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Antibacterial Activity of Raw and Processed Honey

Abhishek Chauhan, Vimlendu Pandey, K. M. Chacko and R. K. Khandal*

Department of Microbiology, Shriram Institute for Industrial Research 19, University road, Delhi-110007, India

Corresponding Author:
R. K. Khandal
Department of Microbiology
Shriram Institute for Industrial Research 19
University road, Delhi-110007, India
Tel: +91(0)11-27667267
Fax: +91(0)11-27667676
E-mail: [email protected]
 
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Abstract

The antibacterial activity of raw and processed honey was carried out on the extracts of honey using solvents such as methanol, ethanol and ethyl acetate and compared it with the popular antibiotics. The inhibitory action of extracts of honey were evaluated against six bacterial strains, Gram-positive bacteria viz., Staphylococcus aureus, Bacillus subtilis, Bacillus cereus and Gram-negative bacteria, Escherichia coli, Pseudomonas aeruginosa and Salmonella typhi by agar well diffusion method. The extracts of raw and processed honey showed the zone of inhibition ranged from 6.94 mm to 37.94 mm. Methanol extract was more potent and showed a stronger antibacterial activity, followed by ethanol and ethyl acetate in the same order. Further, the residues remaining after extraction with solvents showed no bactericidal effect indicating that only extracts exhibit the antibacterial activity. Minimum Inhibitory Concentration (MIC) and Minimum Bactericidal Concentration (MBC) were evaluated by Macro broth dilution method. The most susceptible bacteria were Salmonella typhi, E. coli. and Pseudomonas aeruginosa. MIC and MBC values of extracts were found in the range of 0.625-5.000 mg/ml. The solvent extract of honey showed better antibacterial behaviors against Gram-negative bacteria than the standard antibiotics such as tetracycline and Ciprofloxacin. Infact the solvent extracts of honey were found to be bactericidal against P. aeruginosa for which even tetracycline was found ineffective.

Keywords

Agar well diffusion assay; Honey; Minimum Inhibitory Concentration; Minimum Bactericidal Concentration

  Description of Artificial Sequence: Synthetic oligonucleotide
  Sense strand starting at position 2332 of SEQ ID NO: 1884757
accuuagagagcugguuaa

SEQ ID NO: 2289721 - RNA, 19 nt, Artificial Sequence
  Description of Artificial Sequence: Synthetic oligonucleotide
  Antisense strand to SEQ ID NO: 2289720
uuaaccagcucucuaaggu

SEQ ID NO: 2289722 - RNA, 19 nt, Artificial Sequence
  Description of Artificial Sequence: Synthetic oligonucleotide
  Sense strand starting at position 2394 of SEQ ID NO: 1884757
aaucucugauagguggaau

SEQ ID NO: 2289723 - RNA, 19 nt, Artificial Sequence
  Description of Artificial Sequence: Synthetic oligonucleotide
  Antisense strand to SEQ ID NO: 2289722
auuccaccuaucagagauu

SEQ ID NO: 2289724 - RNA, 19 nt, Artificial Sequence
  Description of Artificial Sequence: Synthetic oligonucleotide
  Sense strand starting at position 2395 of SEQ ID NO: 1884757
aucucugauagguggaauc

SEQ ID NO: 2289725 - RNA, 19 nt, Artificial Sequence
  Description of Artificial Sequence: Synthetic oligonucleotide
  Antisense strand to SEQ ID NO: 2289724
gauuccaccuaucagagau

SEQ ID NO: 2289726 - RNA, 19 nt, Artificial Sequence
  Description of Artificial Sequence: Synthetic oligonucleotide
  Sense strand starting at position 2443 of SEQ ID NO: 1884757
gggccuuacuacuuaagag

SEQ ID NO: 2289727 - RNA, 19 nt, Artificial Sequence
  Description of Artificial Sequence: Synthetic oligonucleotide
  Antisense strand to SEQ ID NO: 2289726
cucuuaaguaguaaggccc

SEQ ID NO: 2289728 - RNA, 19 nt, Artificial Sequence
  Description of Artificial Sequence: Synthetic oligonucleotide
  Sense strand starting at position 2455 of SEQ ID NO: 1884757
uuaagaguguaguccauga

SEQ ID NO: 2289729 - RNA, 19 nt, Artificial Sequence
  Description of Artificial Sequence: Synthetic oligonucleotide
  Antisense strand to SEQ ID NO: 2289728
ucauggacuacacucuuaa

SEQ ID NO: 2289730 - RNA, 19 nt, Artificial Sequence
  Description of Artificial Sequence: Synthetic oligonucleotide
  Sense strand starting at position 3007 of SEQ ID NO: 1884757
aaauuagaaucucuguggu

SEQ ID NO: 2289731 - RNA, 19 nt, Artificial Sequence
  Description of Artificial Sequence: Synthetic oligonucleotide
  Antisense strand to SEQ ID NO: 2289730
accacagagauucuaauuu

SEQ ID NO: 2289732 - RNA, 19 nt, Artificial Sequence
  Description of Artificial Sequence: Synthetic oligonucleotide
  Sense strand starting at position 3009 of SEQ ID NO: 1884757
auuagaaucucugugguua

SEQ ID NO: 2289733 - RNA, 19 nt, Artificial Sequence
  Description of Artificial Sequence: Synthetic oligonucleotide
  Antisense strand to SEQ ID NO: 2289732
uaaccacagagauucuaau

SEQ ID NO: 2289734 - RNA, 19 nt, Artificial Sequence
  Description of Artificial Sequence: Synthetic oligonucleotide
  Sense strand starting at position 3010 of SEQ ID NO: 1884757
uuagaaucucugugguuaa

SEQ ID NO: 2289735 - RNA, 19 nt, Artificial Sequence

Introduction

According to World Health Organization estimates, some 80 percent of people living in developing countries rely on harvested wild plants for their primary health care. In the developing world the use of antibiotics constitute a sizable fraction of medicines consumed. However, because of the microbes turning resistant especially to the synthetic antibiotics in use, the effectiveness of the antibiotics has been diminishing [1]. This type of resistance to antimicrobial agent has already become a serious issue in many areas of the world especially in developing countries [2,3]. Over the years, antibacterial substances from natural resources have been identified and exploited for this purpose. Various plants and their extracts have already been in use as per the Indian system of medicines (Ayurveda) for the treatments requiring antimicrobial activity. One of the popular antimicrobial natural substances described in Ayurveda as a potent medicine for several uses is honey.

Honey is the natural sweet substance from nectar or bossoms or from the secretion of living parts of plants or excretions of plants, which honey bees collect, transform, and combine with specific substances of their own to ripen and mature [4]. It is also defined as the nectar and saccharine exudation of plants, gathered, modified and stored as honey in the honeycomb by honeybees. Honey is widely used in traditional medicine throughout the world. However, it has a limited use in modern medicine due to lack of scientific support [5]. Ayurveda, an ancient Indian System of health care treats as food for health while recommending it as a medicine ancient medicine for some conditions using it externally as well as orally. It is known to cure anemia and improves calcium fixation in infants. Honey also reduces and cures eye cataracts and conjunctivitis and applied honey directly to the eye cures various diseases of the cornea [6]. There are many reports of honey being very effective as dressing of wounds, burns, skin ulcers and inflammations. The antibacterial properties of honey speed up the growth of new tissue to heal the wound [7]. The bactericidal effect of honey is reported to be dependent on concentration of honey used and the nature of the bacteria [8,9]. The bactericidal action is reportedly ascribed neither the normal acidity of honey, nor to its high sugar content, enzymes, nitrogenous or other compounds, accumulation of hydrogen peroxide, which is produced by natural glucose oxidize system in honey [7,10,11]. Farouk et al. [12] found that there were inhibitory effects on Gram-positive and Gram-negative strains both standard test organisms and clinical isolates from inflamed wounds.